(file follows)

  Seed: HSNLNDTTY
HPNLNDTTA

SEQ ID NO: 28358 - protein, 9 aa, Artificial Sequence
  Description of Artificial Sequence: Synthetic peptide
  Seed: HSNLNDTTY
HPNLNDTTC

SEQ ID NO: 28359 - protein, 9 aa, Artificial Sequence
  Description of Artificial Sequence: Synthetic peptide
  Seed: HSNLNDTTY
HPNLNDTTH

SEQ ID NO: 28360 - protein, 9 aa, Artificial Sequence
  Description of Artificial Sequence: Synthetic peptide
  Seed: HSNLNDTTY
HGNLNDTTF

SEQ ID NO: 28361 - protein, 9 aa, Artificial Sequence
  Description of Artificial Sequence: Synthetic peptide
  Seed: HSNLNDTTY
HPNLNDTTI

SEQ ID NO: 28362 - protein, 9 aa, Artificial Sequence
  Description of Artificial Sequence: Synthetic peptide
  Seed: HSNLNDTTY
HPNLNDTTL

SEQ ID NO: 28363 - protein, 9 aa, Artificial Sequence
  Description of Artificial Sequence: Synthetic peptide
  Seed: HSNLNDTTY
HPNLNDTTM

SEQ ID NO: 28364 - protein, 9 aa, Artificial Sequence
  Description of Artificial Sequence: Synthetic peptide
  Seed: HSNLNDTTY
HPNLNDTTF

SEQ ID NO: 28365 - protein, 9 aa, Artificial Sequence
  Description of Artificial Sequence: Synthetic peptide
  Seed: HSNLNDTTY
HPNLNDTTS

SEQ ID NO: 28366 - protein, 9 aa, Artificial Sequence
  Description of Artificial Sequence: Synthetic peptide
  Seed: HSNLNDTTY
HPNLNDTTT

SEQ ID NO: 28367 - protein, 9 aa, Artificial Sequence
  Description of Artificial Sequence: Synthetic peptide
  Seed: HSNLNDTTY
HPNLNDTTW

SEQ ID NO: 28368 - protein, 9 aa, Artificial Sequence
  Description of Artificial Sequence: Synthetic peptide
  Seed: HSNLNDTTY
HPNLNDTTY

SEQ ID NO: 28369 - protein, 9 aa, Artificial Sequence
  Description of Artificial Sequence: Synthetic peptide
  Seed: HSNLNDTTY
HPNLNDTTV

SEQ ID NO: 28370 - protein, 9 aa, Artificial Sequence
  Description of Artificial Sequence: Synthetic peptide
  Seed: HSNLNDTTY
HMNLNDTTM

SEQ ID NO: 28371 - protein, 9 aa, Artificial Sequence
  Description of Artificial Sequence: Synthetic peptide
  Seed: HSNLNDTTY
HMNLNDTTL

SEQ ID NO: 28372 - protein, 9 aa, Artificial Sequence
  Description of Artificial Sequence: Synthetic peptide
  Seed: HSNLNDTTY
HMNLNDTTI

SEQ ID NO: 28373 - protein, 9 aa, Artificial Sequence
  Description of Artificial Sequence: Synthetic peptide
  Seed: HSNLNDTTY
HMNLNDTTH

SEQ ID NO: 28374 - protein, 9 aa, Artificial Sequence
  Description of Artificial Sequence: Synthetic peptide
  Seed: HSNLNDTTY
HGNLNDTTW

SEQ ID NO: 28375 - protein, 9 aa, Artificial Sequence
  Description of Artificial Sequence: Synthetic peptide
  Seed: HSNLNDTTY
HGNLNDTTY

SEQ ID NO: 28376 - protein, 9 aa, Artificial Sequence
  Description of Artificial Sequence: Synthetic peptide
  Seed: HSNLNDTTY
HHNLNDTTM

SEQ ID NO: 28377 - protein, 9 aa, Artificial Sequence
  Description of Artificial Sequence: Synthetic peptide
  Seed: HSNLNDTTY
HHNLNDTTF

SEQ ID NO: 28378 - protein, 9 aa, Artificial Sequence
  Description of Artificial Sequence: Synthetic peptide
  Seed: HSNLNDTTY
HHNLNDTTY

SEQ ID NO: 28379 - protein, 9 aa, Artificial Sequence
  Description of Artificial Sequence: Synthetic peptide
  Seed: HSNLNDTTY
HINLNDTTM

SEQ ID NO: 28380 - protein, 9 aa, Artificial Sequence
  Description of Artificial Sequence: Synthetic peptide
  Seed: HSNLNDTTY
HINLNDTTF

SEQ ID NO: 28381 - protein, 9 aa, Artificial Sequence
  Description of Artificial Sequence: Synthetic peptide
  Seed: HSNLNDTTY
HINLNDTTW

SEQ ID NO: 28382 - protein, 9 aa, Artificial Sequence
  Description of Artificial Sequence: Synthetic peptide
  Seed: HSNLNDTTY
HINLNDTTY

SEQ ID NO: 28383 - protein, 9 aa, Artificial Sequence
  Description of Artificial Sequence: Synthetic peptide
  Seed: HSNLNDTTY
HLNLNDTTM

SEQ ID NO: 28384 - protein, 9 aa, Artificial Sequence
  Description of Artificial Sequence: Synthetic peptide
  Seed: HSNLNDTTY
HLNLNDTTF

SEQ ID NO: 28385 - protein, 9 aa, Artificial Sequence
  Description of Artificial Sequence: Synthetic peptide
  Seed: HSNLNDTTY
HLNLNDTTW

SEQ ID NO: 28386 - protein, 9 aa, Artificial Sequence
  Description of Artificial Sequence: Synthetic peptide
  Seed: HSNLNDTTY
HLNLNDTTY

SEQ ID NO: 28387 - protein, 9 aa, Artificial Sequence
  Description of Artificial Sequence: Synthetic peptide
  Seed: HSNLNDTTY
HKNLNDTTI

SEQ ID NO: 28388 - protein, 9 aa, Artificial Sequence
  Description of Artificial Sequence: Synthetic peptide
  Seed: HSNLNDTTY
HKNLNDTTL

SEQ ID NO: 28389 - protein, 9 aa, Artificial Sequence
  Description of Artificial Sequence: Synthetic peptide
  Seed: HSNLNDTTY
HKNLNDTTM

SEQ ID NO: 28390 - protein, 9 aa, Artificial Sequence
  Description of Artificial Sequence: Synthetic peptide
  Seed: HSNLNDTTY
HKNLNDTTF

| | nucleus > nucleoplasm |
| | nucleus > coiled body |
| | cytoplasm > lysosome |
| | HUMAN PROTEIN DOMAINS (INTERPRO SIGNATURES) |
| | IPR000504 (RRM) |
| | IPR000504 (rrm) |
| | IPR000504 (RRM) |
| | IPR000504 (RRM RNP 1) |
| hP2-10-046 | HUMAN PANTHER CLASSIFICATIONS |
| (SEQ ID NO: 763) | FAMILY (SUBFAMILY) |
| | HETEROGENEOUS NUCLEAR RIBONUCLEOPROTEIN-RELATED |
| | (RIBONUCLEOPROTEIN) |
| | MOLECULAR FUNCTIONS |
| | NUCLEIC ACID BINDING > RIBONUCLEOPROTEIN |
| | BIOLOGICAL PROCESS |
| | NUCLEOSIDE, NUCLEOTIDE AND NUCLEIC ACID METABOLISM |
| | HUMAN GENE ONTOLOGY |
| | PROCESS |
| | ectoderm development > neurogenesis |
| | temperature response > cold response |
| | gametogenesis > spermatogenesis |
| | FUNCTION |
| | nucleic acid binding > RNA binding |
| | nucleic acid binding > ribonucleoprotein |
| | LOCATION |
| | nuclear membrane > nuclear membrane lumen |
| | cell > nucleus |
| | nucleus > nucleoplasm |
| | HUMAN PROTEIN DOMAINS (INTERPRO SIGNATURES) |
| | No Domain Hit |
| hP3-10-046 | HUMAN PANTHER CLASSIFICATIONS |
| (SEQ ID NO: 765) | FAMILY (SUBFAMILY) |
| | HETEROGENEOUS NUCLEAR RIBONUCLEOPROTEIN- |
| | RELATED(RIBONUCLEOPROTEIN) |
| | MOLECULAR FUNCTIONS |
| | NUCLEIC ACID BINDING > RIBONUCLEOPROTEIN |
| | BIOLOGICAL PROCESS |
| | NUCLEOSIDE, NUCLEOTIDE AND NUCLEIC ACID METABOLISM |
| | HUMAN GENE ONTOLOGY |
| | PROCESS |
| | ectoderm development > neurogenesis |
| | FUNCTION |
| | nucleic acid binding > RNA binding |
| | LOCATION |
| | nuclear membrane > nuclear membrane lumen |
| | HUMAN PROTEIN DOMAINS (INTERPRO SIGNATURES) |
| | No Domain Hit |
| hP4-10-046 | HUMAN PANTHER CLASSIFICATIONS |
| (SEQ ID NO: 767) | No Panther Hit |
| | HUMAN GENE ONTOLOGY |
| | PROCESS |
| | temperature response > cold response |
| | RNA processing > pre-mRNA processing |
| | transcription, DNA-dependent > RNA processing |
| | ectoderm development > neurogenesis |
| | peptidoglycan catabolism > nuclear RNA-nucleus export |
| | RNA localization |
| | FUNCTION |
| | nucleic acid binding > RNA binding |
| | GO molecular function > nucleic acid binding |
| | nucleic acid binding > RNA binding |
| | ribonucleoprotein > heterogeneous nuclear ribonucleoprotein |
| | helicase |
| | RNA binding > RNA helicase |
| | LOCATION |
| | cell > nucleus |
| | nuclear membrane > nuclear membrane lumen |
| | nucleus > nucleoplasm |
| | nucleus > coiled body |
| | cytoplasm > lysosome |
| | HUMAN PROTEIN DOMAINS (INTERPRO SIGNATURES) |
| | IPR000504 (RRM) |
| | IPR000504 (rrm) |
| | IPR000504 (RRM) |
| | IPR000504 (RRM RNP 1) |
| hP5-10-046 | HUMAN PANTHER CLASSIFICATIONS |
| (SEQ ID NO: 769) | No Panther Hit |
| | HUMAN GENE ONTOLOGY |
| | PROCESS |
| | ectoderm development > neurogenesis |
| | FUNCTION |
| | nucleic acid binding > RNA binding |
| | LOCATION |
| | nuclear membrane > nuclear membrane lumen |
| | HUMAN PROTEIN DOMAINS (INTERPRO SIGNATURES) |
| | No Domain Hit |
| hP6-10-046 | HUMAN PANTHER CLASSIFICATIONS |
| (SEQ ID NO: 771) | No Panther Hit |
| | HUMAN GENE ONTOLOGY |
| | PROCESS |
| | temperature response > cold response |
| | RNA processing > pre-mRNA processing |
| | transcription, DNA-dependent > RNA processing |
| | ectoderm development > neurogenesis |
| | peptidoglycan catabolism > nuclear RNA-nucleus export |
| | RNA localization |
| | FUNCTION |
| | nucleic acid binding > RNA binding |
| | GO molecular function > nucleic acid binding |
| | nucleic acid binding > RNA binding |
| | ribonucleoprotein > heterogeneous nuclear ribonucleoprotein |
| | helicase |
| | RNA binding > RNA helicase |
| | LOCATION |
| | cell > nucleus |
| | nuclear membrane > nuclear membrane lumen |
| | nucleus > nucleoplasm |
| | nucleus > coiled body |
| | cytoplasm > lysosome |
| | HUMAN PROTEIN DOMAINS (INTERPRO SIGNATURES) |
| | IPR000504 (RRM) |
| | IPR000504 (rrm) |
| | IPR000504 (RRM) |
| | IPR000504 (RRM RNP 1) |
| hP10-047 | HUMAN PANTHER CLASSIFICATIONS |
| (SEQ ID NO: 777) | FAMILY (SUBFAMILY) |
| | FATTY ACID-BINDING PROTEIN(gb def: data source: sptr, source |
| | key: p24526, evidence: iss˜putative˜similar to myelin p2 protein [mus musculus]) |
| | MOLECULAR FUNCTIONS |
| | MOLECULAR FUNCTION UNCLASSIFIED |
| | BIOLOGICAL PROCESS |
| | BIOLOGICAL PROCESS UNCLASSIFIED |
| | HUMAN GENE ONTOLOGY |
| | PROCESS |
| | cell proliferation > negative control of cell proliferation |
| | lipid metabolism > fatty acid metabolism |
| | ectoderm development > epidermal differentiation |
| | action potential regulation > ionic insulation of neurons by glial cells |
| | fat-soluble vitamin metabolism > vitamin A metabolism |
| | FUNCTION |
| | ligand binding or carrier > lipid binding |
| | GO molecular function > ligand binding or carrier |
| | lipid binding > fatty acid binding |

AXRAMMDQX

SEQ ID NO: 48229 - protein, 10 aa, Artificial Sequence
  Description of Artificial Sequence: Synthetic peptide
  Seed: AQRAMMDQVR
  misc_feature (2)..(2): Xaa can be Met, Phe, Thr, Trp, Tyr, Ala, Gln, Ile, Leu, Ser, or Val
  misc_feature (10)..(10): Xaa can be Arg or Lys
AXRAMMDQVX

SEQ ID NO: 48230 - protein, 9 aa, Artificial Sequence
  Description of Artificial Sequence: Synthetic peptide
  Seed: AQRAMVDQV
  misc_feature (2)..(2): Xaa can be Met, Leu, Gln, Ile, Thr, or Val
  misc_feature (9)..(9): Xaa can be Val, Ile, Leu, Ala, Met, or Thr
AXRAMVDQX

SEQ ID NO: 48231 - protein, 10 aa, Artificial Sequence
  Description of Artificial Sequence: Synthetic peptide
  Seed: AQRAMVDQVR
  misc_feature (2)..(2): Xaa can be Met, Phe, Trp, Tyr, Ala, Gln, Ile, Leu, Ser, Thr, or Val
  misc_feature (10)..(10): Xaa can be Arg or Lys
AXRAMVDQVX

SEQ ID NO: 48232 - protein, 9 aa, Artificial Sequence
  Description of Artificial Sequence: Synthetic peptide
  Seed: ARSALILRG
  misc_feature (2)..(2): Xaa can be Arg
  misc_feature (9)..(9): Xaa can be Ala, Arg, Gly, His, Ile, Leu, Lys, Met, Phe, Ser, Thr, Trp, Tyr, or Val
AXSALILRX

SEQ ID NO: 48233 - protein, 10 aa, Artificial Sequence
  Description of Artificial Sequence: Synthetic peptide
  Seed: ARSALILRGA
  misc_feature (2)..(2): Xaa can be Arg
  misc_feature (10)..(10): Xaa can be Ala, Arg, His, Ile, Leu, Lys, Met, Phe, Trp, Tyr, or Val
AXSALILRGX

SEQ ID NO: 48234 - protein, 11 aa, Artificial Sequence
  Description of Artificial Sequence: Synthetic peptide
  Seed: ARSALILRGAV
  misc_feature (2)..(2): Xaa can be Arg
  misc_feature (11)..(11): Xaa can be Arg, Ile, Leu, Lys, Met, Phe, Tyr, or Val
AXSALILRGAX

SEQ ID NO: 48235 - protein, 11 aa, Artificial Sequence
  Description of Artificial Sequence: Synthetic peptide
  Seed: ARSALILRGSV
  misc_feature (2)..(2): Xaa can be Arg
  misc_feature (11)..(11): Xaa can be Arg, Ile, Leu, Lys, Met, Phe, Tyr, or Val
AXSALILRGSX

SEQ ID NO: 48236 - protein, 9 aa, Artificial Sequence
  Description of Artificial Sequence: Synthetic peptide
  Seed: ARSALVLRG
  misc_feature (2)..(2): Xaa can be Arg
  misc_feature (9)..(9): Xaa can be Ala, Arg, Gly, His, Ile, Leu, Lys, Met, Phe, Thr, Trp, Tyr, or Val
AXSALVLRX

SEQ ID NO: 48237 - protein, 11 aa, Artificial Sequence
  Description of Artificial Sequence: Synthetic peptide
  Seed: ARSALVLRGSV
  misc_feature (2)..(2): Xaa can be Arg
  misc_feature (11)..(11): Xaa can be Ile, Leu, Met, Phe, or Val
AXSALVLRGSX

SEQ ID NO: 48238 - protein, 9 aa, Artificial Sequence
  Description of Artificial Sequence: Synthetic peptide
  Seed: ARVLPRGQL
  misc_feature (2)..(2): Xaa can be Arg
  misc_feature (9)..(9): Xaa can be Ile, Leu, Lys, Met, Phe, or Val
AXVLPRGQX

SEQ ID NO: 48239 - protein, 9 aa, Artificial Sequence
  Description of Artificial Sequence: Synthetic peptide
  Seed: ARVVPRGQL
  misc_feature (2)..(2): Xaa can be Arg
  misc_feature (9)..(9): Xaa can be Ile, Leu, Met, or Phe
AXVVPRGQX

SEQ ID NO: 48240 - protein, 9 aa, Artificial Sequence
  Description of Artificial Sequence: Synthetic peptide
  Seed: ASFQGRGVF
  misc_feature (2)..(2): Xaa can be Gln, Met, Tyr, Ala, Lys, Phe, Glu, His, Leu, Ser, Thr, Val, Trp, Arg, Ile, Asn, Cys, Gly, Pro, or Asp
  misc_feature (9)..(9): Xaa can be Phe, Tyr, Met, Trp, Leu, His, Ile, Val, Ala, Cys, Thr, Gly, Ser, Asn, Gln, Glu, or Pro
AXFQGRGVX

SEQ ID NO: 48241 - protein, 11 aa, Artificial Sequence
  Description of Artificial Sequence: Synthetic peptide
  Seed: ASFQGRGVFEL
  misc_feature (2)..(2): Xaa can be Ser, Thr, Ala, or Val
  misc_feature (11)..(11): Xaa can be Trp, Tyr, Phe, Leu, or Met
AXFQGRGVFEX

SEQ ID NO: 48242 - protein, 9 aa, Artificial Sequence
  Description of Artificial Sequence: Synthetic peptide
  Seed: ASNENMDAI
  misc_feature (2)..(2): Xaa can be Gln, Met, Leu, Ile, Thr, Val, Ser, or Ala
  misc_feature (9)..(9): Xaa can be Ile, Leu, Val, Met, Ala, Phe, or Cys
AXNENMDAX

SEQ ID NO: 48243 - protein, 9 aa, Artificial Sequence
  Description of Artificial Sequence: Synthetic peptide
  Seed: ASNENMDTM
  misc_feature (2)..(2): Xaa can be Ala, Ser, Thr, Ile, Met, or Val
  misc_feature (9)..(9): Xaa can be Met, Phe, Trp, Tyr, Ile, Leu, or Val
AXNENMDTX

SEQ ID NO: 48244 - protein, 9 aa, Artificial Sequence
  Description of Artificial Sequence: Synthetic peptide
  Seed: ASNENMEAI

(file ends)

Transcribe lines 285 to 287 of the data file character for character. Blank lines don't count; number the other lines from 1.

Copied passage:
  misc_feature (10)..(10): Xaa can be Arg or Lys
AXRAMVDQVX

SEQ ID NO: 48232 - protein, 9 aa, Artificial Sequence